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Chef at Chicago’s Sixteen sets sights on towering sales, armed with a mixed and matched medley of modern cooking appliances

Chef at Chicago’s Sixteen sets sights on towering sales, armed with a mixed and matched medley of modern cooking appliances

Boasting priceless views of the Chicago skyline and Lake Michigan and propelled by a formidable kitchen equipment package, Sixteen in the new Trump International Hotel & Tower Chicago is poised to be a major player in two culinary realms: fine cuisine and upscale banquets.

Although the tower of polished steel and iridescent glass is a work in progress—indeed, it’s a construction site—as it climbs toward a destined height of 92 stories when completed next spring, Sixteen, the signature restaurant on the sixteenth floor, is already reaching stride.

Australian chef Frank Brunacci, spurred by the high expectations of the Trump Organization and the talents that have won him accolades in high-end resort and hotel kitchens, aims for Sixteen to compete with local gastronomic hot spots like Alinea, Avenues and Moto, as well as vie for the banquet trade.

The early reception has been quite favorable. Open barely five months, Sixteen is on target for $6.5 million in first-year annual sales, shattering the pre-opening projection of $3.5 million, with an additional projected $5 million to $6 million in first-year banquet sales. In fact, Brunacci sees banquets as potentially a $14 million to $15 million annual business in time.

“There isn’t a place that can offer what we can,” he said. “It’s the best space in Chicago for banquets.”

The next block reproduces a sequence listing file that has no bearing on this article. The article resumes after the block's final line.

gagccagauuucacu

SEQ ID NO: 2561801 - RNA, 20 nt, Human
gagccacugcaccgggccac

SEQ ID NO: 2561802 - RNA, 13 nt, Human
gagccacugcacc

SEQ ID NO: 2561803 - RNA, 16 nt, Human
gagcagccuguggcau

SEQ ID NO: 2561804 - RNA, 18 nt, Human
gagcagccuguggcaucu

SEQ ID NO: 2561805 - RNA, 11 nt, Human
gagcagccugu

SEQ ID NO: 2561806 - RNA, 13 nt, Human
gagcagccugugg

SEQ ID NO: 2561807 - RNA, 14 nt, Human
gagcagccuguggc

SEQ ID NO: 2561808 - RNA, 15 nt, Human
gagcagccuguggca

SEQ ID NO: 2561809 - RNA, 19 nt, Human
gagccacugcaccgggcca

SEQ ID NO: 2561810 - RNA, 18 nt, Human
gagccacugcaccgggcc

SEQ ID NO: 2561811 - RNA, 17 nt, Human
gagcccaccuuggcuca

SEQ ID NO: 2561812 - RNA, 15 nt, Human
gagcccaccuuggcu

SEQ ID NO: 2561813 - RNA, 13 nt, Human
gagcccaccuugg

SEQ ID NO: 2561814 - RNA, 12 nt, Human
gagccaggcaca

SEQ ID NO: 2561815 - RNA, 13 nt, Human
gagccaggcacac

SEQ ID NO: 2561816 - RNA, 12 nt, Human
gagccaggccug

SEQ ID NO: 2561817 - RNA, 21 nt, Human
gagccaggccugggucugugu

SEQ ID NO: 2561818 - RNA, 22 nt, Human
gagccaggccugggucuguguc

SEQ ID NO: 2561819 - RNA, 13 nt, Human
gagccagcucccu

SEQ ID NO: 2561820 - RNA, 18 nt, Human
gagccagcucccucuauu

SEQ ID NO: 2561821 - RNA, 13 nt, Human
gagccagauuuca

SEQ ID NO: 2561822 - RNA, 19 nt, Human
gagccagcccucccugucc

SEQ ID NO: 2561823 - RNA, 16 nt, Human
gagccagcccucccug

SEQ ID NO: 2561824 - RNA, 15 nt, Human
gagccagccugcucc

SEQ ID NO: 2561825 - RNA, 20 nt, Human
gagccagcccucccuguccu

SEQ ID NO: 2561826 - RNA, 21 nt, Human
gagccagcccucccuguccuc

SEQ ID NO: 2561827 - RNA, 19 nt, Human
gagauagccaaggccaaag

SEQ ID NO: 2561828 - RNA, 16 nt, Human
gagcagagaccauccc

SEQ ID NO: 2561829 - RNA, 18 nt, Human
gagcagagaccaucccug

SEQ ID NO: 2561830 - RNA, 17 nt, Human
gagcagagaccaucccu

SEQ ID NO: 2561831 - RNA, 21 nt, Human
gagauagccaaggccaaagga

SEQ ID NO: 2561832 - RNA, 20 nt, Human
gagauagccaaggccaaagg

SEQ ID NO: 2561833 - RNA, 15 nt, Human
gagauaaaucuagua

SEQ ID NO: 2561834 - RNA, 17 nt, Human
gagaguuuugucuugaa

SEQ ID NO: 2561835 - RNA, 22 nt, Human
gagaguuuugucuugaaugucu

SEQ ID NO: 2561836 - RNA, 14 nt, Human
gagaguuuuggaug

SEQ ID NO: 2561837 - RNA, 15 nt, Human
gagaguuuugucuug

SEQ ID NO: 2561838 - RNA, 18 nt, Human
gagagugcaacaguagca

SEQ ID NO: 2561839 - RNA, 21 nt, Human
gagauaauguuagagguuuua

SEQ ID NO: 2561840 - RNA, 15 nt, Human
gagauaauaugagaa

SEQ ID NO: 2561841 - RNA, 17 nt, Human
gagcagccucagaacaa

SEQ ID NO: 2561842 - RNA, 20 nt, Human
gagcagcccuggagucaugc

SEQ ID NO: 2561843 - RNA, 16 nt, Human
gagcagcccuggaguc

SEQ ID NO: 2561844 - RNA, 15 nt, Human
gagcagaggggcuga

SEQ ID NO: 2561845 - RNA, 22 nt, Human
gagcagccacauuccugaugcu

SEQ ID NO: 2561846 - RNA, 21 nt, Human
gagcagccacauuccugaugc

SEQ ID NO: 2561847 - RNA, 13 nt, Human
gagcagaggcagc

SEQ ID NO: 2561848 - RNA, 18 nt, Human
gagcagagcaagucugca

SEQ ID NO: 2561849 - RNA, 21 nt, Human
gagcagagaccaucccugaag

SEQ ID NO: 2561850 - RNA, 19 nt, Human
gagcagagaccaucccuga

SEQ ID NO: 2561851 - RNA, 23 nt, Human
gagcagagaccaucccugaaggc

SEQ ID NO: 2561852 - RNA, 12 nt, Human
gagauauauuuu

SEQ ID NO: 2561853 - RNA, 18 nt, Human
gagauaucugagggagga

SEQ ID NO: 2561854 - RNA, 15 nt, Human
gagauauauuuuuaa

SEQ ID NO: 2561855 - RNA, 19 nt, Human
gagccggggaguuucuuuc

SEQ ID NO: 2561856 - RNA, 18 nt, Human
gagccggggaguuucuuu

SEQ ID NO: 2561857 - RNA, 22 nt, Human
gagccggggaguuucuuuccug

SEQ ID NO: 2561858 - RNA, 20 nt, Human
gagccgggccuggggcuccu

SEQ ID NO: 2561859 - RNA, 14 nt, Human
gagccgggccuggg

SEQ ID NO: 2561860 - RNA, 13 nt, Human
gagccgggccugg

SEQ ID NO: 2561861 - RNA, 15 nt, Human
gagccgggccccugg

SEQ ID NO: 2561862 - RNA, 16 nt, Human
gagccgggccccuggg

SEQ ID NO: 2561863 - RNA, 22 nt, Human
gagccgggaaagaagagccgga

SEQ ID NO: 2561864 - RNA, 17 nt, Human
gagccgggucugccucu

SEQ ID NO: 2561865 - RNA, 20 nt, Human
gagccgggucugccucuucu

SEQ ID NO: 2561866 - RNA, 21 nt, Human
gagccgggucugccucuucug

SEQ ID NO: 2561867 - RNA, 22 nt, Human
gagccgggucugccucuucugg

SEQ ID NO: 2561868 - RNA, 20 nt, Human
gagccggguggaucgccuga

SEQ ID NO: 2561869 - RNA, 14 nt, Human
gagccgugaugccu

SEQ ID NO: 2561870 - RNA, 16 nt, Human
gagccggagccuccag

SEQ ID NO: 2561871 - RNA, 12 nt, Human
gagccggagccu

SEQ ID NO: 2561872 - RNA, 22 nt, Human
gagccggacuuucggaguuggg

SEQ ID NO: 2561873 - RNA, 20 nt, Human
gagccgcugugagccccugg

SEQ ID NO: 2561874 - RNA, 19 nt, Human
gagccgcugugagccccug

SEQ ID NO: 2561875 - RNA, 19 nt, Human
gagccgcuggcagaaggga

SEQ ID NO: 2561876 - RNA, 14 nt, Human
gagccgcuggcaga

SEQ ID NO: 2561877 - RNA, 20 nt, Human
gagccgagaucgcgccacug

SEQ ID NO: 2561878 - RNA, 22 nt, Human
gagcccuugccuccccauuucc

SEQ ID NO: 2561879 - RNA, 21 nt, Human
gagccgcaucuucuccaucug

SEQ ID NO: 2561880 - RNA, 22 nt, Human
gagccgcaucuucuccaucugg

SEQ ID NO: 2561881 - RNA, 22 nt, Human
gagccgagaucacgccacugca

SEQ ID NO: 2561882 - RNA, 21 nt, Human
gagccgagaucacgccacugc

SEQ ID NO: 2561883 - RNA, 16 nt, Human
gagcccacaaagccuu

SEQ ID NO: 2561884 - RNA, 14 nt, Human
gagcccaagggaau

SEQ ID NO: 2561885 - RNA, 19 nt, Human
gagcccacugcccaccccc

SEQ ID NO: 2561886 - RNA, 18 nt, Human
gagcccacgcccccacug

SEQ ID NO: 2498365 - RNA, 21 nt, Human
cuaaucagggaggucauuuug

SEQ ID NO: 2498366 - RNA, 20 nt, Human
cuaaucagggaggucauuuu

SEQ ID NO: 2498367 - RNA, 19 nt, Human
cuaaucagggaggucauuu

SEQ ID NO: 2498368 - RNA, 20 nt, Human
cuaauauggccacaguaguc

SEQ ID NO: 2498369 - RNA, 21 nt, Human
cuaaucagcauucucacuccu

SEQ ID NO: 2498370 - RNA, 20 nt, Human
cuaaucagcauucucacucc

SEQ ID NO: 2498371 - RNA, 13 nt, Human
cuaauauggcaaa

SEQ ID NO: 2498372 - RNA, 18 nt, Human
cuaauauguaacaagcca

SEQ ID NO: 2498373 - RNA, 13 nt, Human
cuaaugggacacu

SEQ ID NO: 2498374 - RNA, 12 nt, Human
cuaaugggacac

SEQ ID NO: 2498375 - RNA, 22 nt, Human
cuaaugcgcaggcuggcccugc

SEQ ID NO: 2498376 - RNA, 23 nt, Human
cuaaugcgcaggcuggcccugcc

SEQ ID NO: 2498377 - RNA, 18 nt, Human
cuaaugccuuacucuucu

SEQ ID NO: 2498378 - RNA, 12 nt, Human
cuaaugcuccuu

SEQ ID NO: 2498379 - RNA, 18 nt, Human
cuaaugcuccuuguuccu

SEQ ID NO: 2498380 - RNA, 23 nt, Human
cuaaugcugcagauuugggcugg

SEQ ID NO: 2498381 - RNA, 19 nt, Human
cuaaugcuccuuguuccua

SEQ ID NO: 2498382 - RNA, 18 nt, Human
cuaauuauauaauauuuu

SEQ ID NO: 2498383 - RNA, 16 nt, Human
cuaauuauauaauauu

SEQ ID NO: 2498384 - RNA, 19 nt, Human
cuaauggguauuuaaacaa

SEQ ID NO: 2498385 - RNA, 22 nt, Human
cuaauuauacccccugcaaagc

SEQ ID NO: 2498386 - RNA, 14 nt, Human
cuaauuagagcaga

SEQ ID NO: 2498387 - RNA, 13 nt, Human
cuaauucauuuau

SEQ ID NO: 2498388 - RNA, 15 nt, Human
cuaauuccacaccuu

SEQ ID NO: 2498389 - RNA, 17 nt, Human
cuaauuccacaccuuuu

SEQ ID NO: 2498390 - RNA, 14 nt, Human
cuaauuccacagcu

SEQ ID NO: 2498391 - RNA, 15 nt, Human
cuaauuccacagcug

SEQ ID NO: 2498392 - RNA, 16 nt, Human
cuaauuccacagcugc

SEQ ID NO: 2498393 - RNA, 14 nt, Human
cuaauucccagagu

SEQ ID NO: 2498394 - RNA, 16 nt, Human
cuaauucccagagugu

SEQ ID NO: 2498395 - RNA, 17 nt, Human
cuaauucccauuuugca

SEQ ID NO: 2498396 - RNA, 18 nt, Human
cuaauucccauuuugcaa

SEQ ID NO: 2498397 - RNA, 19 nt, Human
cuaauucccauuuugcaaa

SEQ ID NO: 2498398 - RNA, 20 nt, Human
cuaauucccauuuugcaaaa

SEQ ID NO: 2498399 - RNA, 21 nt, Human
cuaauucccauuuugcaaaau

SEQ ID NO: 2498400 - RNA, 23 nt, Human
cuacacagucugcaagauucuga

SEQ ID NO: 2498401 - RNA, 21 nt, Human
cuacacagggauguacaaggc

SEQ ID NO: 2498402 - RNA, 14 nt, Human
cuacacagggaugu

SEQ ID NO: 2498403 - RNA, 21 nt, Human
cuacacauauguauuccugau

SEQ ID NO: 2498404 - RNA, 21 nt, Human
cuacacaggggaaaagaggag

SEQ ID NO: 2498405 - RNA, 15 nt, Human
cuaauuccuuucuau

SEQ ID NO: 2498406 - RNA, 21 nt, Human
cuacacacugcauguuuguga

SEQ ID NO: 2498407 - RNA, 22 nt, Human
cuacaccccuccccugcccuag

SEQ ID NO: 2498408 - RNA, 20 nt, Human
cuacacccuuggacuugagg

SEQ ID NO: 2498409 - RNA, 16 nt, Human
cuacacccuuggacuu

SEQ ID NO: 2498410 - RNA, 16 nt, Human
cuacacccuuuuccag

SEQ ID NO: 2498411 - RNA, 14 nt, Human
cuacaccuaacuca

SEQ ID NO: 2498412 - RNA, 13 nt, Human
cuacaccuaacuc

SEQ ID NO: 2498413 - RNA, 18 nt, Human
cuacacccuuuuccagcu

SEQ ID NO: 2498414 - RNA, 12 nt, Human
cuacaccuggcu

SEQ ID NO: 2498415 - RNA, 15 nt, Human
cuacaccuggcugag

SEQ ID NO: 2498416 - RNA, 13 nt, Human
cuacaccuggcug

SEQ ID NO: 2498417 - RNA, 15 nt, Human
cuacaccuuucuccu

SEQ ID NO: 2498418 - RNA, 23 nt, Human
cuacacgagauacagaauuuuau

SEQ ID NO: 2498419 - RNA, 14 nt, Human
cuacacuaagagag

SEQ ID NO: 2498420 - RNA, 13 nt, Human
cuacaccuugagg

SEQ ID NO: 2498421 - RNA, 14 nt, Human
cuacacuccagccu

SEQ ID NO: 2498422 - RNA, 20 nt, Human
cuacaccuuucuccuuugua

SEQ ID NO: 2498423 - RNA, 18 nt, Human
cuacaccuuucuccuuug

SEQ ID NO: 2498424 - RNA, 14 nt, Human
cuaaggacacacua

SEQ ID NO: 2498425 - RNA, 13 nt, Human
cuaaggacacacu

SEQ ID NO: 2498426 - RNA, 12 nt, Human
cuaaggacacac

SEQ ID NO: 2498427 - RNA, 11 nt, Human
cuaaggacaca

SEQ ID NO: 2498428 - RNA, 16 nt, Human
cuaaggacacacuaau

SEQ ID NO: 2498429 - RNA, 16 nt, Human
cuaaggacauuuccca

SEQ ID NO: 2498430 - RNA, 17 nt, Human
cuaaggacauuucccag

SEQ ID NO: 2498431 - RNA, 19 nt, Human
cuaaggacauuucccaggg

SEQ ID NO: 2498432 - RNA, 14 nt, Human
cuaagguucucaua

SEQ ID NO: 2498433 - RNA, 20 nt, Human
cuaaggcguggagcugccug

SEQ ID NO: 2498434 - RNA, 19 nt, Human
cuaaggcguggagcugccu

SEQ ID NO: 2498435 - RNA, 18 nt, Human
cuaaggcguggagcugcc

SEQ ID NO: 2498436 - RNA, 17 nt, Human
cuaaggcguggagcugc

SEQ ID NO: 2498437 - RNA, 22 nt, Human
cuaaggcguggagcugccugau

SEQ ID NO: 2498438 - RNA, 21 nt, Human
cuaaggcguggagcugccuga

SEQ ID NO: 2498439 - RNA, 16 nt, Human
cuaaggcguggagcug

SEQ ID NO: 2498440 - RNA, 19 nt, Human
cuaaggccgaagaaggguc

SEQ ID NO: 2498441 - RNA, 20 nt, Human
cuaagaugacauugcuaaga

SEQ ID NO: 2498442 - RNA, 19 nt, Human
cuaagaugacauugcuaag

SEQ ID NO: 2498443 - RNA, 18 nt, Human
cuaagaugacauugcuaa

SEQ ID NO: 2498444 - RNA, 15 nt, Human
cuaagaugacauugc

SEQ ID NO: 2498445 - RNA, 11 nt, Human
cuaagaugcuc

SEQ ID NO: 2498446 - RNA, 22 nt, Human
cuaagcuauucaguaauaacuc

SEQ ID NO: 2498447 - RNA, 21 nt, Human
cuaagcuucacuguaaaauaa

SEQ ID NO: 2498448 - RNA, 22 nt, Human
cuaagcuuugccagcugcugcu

However, tackling those ambitious goals has meant putting his own stamp on a kitchen equipment package that was largely in place before his arrival.

“I got a big chunk of change in [operating supplies and equipment budget], close to half a million dollars just in kitchen equipment,” Brunacci said.

Thus he started “chopping and changing” equipment to suit his style of modern American cuisine, leveraging such pieces as combi oven-steamers, cooking suites with built-in plancha grills, thermal circulators, steam kettles and tilt skillets.

One of his first moves was to swap three convection ovens for Rational combi oven-steamers, which cook via hot air, steam or the two combined. The devices are especially useful for banquets because they allow much of the prep work to be done in advance for parties, which are as large as 300 guests. The combis have mobile plate racks that can be loaded with plates of par-cooked and chilled foods kept in the cooler until service, when they are put into the combi and quickly finished. It’s far faster and more labor-efficient than the hurried assembly-line style of plating a banquet with a platoon of cooks.

The combis do other diverse tasks, ranging from warming bread to braising suckling pig, beef shanks and veal cheeks. Brunacci also taps the vacuum sealer and thermal circulator for slow sous-vide cooking of lamb loins and duck breasts.

Perhaps the biggest adjustment he has made is to the bi-level kitchens. Sixteen’s foodstuffs are prepped a floor below in a large prep kitchen and ferried up the elevator before service. They are finished to order in the restaurant’s own kitchen, which is equipped with two Jade cooking suites with built-in planchas and French-top heating surfaces. The elevator trips are time consuming, but Sixteen is making it work.

“I think we get better at it every day,” Brunacci said.

Brunacci favors the plancha, a superhot direct-cooking surface, for cooking scallops because of the “unbelievable” results. It also gets a workout on a variety of breakfast and lunch items.

Also in good use in the Sixteen and banquet kitchens are standard high-volume cooking pieces like steam kettles and tilting skillets. The latter in particular shine for items like corn tortilla soup and Jerusalem artichoke purée, Brunacci noted.

The strong initial performance has buoyed Brunacci in his quest to make a name in Chicago dining with Sixteen.

“We have the equipment, we have the team, we have the structure and we have the means to get there,” he said.

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